Veteran Navy SEAL says publicity seekers broke code
SAN DIEGO (KUSI) – On this Veterans Day, two former Navy SEALs are getting more attention than any other vets, not all of it praise for their acts of valor, but for taking credit for killing Osama bin Laden in May of 2011.
The two Navy SEALs have taken credit for killing bin Laden in a raid near Abbottabad, Pakistan, and are now taking criticism from their fellow Navy SEALs, including one local veteran.
It’s the stuff books and movies are made out of, tales of heroism on the field of battle.
None more compelling than the account of SEAL Team Six, the elite fighting force that executed the world’s most notorious terrorist.
As Americans pay tribute to their military veterans, a pair of them are being paid a lot of money to do something many of their comrades in arms are criticizing. They are talking about it.
Matt Bissonnette and Robert O’Neill are appearing on network news programs, and being printed in newspapers and magazines.
They have broken their silence, and at least some of their fellow SEALs are saying they are breaking their sacred oath.
Captain Robert Shoultz served as a SEAL for 30 years, and served all over the world.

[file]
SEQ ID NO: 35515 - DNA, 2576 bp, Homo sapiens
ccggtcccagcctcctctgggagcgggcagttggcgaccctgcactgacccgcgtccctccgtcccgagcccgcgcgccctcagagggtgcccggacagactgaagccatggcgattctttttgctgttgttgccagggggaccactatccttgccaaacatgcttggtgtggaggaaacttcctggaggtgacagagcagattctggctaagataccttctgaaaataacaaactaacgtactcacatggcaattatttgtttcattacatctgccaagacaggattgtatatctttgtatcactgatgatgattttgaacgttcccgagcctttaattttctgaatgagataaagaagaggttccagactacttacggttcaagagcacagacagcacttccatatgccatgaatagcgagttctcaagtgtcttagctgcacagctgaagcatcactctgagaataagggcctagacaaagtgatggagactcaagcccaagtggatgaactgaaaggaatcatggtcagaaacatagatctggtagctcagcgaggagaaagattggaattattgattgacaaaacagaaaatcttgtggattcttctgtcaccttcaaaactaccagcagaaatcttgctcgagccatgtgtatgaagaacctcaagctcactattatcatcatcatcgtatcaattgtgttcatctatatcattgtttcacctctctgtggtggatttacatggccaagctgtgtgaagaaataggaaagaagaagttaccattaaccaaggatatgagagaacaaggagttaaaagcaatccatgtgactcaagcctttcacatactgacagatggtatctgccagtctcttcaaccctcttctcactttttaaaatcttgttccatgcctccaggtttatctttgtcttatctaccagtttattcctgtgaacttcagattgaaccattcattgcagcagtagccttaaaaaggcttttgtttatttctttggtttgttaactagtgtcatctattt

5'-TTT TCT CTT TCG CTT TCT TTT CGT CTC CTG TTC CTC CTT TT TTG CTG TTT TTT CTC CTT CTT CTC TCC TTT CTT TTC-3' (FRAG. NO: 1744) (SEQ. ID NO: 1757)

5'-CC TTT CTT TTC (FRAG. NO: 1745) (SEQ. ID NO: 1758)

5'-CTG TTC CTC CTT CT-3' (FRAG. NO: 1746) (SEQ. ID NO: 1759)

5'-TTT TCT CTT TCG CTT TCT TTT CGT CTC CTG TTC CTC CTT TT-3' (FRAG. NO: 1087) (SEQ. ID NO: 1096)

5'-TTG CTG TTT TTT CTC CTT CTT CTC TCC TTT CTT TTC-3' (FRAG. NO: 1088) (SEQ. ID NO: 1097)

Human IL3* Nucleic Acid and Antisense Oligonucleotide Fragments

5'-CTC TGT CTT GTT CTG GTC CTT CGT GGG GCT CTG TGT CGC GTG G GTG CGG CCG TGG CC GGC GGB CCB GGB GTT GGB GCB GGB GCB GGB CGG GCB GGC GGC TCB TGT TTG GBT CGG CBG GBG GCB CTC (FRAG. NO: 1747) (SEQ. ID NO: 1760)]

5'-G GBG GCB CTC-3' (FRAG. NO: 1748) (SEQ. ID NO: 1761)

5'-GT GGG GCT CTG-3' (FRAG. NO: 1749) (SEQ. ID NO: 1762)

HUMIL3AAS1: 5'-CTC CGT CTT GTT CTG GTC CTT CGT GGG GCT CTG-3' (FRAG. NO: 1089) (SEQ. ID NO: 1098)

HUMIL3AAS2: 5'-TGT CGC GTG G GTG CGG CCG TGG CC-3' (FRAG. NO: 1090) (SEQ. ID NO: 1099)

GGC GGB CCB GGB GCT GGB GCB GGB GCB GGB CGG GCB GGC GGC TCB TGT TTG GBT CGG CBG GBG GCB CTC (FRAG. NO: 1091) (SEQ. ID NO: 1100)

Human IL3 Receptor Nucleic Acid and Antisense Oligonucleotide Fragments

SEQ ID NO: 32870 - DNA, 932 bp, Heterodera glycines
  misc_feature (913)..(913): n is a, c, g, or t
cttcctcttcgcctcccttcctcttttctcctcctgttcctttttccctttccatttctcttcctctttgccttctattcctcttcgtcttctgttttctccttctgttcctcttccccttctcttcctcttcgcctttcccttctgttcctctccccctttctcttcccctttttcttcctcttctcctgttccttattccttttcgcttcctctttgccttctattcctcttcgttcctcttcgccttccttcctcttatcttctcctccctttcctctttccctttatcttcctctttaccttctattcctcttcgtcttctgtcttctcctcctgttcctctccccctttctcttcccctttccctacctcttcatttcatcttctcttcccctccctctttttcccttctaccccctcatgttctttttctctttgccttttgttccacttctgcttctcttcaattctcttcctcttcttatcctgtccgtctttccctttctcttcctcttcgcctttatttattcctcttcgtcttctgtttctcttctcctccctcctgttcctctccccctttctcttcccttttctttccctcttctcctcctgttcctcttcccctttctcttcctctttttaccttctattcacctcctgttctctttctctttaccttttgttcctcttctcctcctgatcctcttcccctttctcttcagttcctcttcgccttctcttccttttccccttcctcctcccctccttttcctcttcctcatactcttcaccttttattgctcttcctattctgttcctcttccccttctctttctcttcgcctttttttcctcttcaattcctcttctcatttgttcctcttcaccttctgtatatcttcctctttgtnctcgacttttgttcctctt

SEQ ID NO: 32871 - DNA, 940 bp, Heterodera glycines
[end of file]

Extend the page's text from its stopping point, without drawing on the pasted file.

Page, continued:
He refused to elaborate on what he did as a SEAL, which only demonstrated the point this former warrior wanted to make.
Captain Shoultz’s comments echo the words of a letter issued October 31, 2014, from the Navy SEALs’ Force Master Chief and Commander, which stated:
“In a highly unusual, if not unprecedented, action, M.L. Magariaci and and B.L. Losey implore all current and former Navy SEALs to remember their oath of “quiet professionalism.”
They remind members of the SEAL Ethos which, among other things, declares:
“I do not advertise the nature of my work, nor seek recognition for my actions.”
Shoultz said he reluctantly appeared on camera to explain the vital importance of such strict discipline.
Shoultz said even he would “catch hell” for appearing on KUSI.